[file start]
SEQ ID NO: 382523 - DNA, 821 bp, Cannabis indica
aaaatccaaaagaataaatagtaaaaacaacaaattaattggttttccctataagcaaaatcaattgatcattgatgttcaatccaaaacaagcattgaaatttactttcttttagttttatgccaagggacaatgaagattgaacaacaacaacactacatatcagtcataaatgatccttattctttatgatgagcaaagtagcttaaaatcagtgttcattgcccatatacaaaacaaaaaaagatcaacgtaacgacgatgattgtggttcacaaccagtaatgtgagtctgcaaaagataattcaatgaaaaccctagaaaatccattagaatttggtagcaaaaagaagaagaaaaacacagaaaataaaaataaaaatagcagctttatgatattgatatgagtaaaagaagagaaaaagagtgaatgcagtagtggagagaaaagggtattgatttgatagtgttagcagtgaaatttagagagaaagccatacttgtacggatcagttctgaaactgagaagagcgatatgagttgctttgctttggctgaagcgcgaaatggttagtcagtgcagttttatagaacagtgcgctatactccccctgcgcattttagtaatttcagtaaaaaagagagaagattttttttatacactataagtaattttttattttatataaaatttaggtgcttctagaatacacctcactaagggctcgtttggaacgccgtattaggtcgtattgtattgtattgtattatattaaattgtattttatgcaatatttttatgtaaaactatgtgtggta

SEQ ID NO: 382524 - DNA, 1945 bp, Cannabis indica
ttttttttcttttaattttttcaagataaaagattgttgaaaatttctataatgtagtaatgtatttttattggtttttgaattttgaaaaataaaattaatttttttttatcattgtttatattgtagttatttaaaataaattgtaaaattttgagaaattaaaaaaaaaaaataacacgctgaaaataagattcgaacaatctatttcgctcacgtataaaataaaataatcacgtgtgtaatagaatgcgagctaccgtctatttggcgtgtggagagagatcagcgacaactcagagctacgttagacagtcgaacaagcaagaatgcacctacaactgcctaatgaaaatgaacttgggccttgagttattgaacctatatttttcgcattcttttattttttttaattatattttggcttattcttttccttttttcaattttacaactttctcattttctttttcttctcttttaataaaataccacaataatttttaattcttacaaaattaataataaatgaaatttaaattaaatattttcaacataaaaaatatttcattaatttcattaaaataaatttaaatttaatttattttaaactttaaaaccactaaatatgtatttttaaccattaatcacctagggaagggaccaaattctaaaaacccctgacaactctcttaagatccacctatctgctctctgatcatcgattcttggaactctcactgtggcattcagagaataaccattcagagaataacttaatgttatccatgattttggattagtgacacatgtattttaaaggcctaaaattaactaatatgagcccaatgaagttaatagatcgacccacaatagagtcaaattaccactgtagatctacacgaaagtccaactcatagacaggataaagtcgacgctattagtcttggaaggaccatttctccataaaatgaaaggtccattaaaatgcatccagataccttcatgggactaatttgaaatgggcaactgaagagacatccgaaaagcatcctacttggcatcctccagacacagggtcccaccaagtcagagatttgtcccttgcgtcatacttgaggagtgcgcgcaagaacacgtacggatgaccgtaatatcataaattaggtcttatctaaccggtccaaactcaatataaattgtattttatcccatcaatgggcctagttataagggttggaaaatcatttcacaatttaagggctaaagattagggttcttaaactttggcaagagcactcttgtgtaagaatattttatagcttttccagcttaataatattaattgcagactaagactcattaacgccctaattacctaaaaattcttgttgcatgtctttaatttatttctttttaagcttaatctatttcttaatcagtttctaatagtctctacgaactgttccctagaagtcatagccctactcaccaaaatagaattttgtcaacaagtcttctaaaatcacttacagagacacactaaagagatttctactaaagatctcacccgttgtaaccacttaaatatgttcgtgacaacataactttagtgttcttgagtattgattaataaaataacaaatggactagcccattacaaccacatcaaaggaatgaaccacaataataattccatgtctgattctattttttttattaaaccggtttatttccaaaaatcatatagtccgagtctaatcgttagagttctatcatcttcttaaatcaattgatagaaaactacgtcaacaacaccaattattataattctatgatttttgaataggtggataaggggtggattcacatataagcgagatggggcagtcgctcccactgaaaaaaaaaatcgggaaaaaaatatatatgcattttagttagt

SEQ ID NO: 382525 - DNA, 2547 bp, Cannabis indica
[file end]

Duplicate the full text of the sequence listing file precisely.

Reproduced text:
SEQ ID NO: 382523 - DNA, 821 bp, Cannabis indica
aaaatccaaaagaataaatagtaaaaacaacaaattaattggttttccctataagcaaaatcaattgatcattgatgttcaatccaaaacaagcattgaaatttactttcttttagttttatgccaagggacaatgaagattgaacaacaacaacactacatatcagtcataaatgatccttattctttatgatgagcaaagtagcttaaaatcagtgttcattgcccatatacaaaacaaaaaaagatcaacgtaacgacgatgattgtggttcacaaccagtaatgtgagtctgcaaaagataattcaatgaaaaccctagaaaatccattagaatttggtagcaaaaagaagaagaaaaacacagaaaataaaaataaaaatagcagctttatgatattgatatgagtaaaagaagagaaaaagagtgaatgcagtagtggagagaaaagggtattgatttgatagtgttagcagtgaaatttagagagaaagccatacttgtacggatcagttctgaaactgagaagagcgatatgagttgctttgctttggctgaagcgcgaaatggttagtcagtgcagttttatagaacagtgcgctatactccccctgcgcattttagtaatttcagtaaaaaagagagaagattttttttatacactataagtaattttttattttatataaaatttaggtgcttctagaatacacctcactaagggctcgtttggaacgccgtattaggtcgtattgtattgtattgtattatattaaattgtattttatgcaatatttttatgtaaaactatgtgtggta

SEQ ID NO: 382524 - DNA, 1945 bp, Cannabis indica
ttttttttcttttaattttttcaagataaaagattgttgaaaatttctataatgtagtaatgtatttttattggtttttgaattttgaaaaataaaattaatttttttttatcattgtttatattgtagttatttaaaataaattgtaaaattttgagaaattaaaaaaaaaaaataacacgctgaaaataagattcgaacaatctatttcgctcacgtataaaataaaataatcacgtgtgtaatagaatgcgagctaccgtctatttggcgtgtggagagagatcagcgacaactcagagctacgttagacagtcgaacaagcaagaatgcacctacaactgcctaatgaaaatgaacttgggccttgagttattgaacctatatttttcgcattcttttattttttttaattatattttggcttattcttttccttttttcaattttacaactttctcattttctttttcttctcttttaataaaataccacaataatttttaattcttacaaaattaataataaatgaaatttaaattaaatattttcaacataaaaaatatttcattaatttcattaaaataaatttaaatttaatttattttaaactttaaaaccactaaatatgtatttttaaccattaatcacctagggaagggaccaaattctaaaaacccctgacaactctcttaagatccacctatctgctctctgatcatcgattcttggaactctcactgtggcattcagagaataaccattcagagaataacttaatgttatccatgattttggattagtgacacatgtattttaaaggcctaaaattaactaatatgagcccaatgaagttaatagatcgacccacaatagagtcaaattaccactgtagatctacacgaaagtccaactcatagacaggataaagtcgacgctattagtcttggaaggaccatttctccataaaatgaaaggtccattaaaatgcatccagataccttcatgggactaatttgaaatgggcaactgaagagacatccgaaaagcatcctacttggcatcctccagacacagggtcccaccaagtcagagatttgtcccttgcgtcatacttgaggagtgcgcgcaagaacacgtacggatgaccgtaatatcataaattaggtcttatctaaccggtccaaactcaatataaattgtattttatcccatcaatgggcctagttataagggttggaaaatcatttcacaatttaagggctaaagattagggttcttaaactttggcaagagcactcttgtgtaagaatattttatagcttttccagcttaataatattaattgcagactaagactcattaacgccctaattacctaaaaattcttgttgcatgtctttaatttatttctttttaagcttaatctatttcttaatcagtttctaatagtctctacgaactgttccctagaagtcatagccctactcaccaaaatagaattttgtcaacaagtcttctaaaatcacttacagagacacactaaagagatttctactaaagatctcacccgttgtaaccacttaaatatgttcgtgacaacataactttagtgttcttgagtattgattaataaaataacaaatggactagcccattacaaccacatcaaaggaatgaaccacaataataattccatgtctgattctattttttttattaaaccggtttatttccaaaaatcatatagtccgagtctaatcgttagagttctatcatcttcttaaatcaattgatagaaaactacgtcaacaacaccaattattataattctatgatttttgaataggtggataaggggtggattcacatataagcgagatggggcagtcgctcccactgaaaaaaaaaatcgggaaaaaaatatatatgcattttagttagt

SEQ ID NO: 382525 - DNA, 2547 bp, Cannabis indica